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FTR Quarterly

FTR Quarterly – Issue 14

In This Issue An Update on Reasonable Notice Periods An Update on Executive Compensation Through the Notice Period Featured Lawyer – Kimberly D. Pepper Featured Topic – Employment Law Featured Articles An Update on Reasonable Notice Periods By: Mitchell R. Smith and Evon Gayle Determining an employee’s reasonable notice upon termination of employment used to…

Human Resources Legislative Update

On October 17, 2019, one year after Canada legalized the sale and purchase of dried and fresh cannabis, oil, seeds, and plants, the government of Canada’s amendments to the Cannabis Regulations made under the federal Cannabis Act will come into force, establishing rules for the legal production and sale of three new classes of cannabis….

Human Resources Legislative Update

The Accessibility for Ontarians with Disabilities Act (AODA) sets out the process for developing and enforcing accessibility standards in Ontario. Its purpose is to achieve accessibility standards for Ontarians with physical and mental disabilities by 2025. All levels of government, private sector organizations and non-profit organizations must comply with this legislation. Compliance deadline dates depend…

Human Resources Legislative Update

The Ontario Ministry of Labour has announced a consultation entitled “Safe at Work Ontario 2020-21.” The Ministry is seeking information and input from stakeholders in response to specific questions related to the following issues: Hazards The Ministry has identified the top 10 occupational health and safety issues and violations in the workplace. It is asking…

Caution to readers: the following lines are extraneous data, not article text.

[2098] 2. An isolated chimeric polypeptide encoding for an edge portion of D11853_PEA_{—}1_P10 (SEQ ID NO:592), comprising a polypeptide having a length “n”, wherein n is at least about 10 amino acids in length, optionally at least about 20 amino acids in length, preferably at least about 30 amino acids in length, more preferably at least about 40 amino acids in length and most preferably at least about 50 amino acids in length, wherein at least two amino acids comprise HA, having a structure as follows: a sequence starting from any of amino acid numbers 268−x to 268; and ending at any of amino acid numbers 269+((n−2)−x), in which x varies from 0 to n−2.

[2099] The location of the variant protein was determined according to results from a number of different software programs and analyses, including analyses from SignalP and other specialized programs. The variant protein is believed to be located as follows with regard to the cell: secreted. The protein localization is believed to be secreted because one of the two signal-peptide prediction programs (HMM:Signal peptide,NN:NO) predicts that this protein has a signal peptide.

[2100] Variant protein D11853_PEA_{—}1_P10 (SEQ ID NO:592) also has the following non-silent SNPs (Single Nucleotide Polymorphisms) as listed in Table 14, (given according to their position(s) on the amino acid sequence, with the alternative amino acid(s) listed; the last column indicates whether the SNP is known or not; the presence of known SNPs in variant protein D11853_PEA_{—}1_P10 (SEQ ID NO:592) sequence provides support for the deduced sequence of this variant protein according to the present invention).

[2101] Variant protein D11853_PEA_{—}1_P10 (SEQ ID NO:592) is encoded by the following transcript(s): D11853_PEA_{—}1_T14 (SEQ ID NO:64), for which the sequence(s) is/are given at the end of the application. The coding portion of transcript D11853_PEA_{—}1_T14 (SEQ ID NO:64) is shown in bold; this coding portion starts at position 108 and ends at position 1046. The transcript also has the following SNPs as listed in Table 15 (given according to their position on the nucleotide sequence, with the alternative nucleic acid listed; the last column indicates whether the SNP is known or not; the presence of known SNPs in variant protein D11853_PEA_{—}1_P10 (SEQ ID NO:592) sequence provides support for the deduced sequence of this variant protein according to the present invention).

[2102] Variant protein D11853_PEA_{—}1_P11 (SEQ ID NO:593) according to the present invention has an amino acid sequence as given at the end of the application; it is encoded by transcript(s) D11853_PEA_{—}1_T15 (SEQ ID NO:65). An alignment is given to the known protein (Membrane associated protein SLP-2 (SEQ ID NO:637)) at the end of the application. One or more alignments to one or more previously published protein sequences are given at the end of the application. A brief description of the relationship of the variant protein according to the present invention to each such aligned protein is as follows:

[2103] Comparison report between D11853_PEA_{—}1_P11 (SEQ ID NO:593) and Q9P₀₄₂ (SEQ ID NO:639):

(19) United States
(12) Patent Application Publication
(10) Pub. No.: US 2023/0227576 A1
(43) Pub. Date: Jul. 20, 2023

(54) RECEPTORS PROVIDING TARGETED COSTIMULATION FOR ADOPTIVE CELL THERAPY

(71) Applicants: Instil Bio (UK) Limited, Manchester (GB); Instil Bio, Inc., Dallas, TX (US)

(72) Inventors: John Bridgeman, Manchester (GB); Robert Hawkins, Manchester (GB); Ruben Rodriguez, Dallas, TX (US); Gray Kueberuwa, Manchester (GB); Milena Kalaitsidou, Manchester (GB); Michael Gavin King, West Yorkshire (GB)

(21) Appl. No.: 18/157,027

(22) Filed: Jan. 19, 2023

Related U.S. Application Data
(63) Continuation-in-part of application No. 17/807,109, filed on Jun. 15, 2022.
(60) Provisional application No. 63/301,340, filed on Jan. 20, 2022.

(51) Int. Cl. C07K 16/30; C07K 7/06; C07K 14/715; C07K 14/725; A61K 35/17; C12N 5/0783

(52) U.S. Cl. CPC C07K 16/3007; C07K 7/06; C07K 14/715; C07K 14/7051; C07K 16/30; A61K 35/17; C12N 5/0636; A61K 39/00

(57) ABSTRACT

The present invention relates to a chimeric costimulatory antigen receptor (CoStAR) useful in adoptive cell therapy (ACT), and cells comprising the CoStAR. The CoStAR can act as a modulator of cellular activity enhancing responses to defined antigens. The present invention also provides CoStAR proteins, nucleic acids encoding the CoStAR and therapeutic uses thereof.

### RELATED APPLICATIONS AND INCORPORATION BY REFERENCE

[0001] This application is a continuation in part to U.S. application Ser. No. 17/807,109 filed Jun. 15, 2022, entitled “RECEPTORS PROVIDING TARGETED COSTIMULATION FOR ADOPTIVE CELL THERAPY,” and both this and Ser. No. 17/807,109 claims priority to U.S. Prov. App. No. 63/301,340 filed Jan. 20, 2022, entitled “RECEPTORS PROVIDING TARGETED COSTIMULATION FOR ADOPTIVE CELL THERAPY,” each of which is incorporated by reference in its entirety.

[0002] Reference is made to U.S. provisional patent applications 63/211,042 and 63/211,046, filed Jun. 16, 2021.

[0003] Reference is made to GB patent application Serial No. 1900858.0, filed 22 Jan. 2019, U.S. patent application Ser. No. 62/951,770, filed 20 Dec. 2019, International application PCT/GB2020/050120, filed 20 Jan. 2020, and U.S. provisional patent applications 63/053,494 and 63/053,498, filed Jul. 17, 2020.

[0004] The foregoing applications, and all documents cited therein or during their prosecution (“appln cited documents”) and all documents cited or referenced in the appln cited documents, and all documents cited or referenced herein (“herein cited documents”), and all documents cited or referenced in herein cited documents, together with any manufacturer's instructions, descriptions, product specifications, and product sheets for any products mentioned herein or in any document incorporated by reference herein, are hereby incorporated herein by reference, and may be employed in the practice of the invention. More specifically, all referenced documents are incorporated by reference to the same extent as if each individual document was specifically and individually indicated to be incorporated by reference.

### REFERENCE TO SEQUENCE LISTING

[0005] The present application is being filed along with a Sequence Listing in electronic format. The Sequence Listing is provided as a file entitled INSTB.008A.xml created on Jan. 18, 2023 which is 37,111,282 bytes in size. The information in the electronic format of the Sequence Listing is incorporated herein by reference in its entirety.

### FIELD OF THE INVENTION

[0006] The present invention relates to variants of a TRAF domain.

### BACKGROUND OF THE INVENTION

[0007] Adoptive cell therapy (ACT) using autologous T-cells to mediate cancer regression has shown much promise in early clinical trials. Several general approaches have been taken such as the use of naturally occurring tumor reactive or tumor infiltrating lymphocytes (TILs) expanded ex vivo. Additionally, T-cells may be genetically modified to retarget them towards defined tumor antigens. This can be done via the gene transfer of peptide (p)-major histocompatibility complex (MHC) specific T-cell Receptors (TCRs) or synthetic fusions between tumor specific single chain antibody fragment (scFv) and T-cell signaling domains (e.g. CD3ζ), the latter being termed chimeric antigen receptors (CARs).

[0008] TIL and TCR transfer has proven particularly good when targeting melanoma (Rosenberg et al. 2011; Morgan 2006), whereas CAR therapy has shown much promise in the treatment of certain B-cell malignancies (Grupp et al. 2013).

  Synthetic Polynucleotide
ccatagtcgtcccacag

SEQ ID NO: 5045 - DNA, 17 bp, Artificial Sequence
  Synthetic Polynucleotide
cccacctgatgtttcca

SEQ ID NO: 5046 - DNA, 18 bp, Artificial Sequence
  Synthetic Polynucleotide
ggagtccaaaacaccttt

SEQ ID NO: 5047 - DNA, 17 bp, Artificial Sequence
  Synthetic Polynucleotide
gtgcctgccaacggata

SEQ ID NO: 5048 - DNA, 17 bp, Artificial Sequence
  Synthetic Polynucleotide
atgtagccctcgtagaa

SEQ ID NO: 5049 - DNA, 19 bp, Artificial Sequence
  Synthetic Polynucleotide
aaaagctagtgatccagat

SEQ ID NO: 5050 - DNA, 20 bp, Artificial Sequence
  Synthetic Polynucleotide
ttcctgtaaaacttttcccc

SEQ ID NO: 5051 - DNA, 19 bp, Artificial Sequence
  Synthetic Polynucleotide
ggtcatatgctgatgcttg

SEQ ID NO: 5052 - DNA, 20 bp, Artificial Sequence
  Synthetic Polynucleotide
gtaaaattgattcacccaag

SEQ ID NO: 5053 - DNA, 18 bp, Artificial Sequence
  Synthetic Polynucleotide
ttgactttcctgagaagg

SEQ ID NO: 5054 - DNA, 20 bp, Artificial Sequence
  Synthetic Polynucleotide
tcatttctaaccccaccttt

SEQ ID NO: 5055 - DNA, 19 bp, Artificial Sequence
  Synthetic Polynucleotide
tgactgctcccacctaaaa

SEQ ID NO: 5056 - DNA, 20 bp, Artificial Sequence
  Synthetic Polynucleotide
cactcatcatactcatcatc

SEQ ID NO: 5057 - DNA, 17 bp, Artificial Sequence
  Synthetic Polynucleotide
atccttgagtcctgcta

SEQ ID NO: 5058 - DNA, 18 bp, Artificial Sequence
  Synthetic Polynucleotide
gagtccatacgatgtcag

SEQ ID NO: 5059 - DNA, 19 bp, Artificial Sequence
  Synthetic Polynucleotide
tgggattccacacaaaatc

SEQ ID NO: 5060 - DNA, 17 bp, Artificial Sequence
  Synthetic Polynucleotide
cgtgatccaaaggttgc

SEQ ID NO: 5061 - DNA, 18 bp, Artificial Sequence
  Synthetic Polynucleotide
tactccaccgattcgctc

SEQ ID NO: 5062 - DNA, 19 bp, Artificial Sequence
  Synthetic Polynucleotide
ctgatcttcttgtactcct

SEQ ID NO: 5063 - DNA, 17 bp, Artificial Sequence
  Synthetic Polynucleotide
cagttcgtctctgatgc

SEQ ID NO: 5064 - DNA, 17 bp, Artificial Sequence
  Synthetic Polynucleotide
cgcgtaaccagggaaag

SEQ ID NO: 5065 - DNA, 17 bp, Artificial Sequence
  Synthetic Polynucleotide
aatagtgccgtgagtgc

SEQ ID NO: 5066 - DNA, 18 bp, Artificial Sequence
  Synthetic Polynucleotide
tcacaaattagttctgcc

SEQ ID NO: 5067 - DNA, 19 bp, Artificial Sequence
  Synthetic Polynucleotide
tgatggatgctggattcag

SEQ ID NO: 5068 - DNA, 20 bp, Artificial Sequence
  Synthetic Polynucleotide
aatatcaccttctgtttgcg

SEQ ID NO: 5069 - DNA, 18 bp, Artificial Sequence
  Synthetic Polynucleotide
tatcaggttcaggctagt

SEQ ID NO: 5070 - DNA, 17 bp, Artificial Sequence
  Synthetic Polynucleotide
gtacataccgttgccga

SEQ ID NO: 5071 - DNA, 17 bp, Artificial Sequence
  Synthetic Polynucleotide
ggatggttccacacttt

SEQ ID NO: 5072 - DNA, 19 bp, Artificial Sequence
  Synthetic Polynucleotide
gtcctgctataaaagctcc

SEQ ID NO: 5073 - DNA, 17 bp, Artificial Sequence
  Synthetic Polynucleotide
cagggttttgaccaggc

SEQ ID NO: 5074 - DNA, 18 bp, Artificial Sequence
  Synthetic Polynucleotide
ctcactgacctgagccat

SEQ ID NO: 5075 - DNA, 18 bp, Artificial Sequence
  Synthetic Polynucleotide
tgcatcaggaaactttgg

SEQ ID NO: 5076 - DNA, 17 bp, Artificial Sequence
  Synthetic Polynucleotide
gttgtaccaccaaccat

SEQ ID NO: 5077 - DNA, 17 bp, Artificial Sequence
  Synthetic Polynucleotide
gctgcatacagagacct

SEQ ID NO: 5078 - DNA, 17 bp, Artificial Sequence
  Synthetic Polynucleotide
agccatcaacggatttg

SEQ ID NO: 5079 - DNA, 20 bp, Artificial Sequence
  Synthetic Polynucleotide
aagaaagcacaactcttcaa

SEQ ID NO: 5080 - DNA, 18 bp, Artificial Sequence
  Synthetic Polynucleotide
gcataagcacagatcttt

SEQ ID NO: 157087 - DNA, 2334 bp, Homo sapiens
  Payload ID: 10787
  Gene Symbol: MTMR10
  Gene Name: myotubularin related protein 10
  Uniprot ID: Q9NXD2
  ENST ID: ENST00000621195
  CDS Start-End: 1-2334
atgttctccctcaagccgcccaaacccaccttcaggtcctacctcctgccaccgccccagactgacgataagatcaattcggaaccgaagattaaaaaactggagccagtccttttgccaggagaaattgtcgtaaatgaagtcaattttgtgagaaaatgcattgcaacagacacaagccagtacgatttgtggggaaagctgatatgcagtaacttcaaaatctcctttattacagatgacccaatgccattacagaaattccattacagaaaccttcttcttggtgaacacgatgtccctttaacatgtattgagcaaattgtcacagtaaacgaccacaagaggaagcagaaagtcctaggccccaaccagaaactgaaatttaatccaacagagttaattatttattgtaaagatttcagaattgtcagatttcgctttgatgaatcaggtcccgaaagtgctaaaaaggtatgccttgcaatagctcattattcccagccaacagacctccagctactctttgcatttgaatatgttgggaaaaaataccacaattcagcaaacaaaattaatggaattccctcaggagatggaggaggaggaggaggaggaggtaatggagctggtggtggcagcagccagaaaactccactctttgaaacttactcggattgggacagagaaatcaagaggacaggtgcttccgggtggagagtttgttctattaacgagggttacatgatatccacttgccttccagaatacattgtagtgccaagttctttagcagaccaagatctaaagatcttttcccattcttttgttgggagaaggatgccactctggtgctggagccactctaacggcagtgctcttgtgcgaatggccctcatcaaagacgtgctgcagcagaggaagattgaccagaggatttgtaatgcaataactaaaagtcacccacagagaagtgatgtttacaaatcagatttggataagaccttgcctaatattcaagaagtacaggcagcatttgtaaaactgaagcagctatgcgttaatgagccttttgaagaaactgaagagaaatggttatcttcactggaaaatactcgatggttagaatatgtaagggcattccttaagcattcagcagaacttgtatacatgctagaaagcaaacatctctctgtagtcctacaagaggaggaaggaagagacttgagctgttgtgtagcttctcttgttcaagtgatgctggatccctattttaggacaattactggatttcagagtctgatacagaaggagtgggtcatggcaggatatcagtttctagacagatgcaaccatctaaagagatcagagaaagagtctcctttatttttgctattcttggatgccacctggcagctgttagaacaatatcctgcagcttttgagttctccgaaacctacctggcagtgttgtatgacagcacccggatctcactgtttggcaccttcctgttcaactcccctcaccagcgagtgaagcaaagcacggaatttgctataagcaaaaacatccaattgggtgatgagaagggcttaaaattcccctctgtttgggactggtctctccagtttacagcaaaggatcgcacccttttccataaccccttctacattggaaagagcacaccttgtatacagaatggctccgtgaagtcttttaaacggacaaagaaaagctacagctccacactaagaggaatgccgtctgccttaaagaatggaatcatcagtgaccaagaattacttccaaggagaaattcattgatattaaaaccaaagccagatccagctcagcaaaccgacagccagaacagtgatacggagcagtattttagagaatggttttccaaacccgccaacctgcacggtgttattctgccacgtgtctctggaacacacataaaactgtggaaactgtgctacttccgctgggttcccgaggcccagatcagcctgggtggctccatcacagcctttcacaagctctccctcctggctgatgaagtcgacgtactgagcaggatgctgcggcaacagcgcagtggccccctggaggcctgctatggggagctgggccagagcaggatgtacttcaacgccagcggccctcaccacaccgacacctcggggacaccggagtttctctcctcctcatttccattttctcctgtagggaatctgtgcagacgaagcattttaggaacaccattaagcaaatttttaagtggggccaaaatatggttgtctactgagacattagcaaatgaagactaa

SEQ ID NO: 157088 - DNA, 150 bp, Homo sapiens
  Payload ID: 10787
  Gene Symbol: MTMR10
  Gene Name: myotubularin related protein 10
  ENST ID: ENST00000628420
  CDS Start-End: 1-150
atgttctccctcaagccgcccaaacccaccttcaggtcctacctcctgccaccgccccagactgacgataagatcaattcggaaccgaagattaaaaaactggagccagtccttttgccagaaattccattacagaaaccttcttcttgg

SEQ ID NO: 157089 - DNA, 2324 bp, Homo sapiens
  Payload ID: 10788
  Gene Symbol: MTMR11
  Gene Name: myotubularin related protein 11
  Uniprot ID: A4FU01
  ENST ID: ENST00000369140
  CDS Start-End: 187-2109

FTR Views

With a number of changes to the Canada Labour Code having come into force on September 1, 2019, employers in the federal jurisdiction should take note of new and changing labour standards. These include new scheduling and break provisions, the right to flexible work arrangements, changes to holiday and vacation entitlements, a statutory right to refuse overtime, as well as new and amended leaves of absence.

FTR Views

With a number of changes to the Canada Labour Code having come into force on September 1, 2019, employers in the federal jurisdiction should take note of new and changing labour standards. These include new scheduling and break provisions, the right to request flexible work arrangements, changes to holiday and vacation entitlements, a statutory right to refuse overtime in certain circumstances, as well as new and amended leaves of absence.

Federal Post

We have reported on the changes to the Canada Labour Code (Code) which came into effect on July 29, 2019 and on September 1, 2019. The federal government has published new Interpretations, Policies and Guidelines (IPGs) in support of some of these changes, as well as a summary of various amendments which have not yet been proclaimed into force and their anticipated in force dates. Proposed regulations for the incoming Part IV, Administrative Monetary Penalties, of the Code have also been recently published for comment.

Human Resources Legislative Update

On August 10, 2019, the federal government released proposed amendments to the Employment Equity Regulations made under the federal Employment Equity Act (Act). The amendments are in support of an amendment to the Act made by Bill C-97, the Budget Implementation Act, 2019, No. 1 to include new pay transparency requirements. Once proclaimed into force,…

Federal Post

On July 29, 2019, a number of amendments to the Canada Labour Code enacted by Bill C-44, the Budget Implementation Act, 2017, No. 1, came into force. The amendments relate to changes to the powers of the Canada Industrial Relations Board, complaints relating to reprisals and the elimination of the role of appeals officers. Learn more in this Federal Post.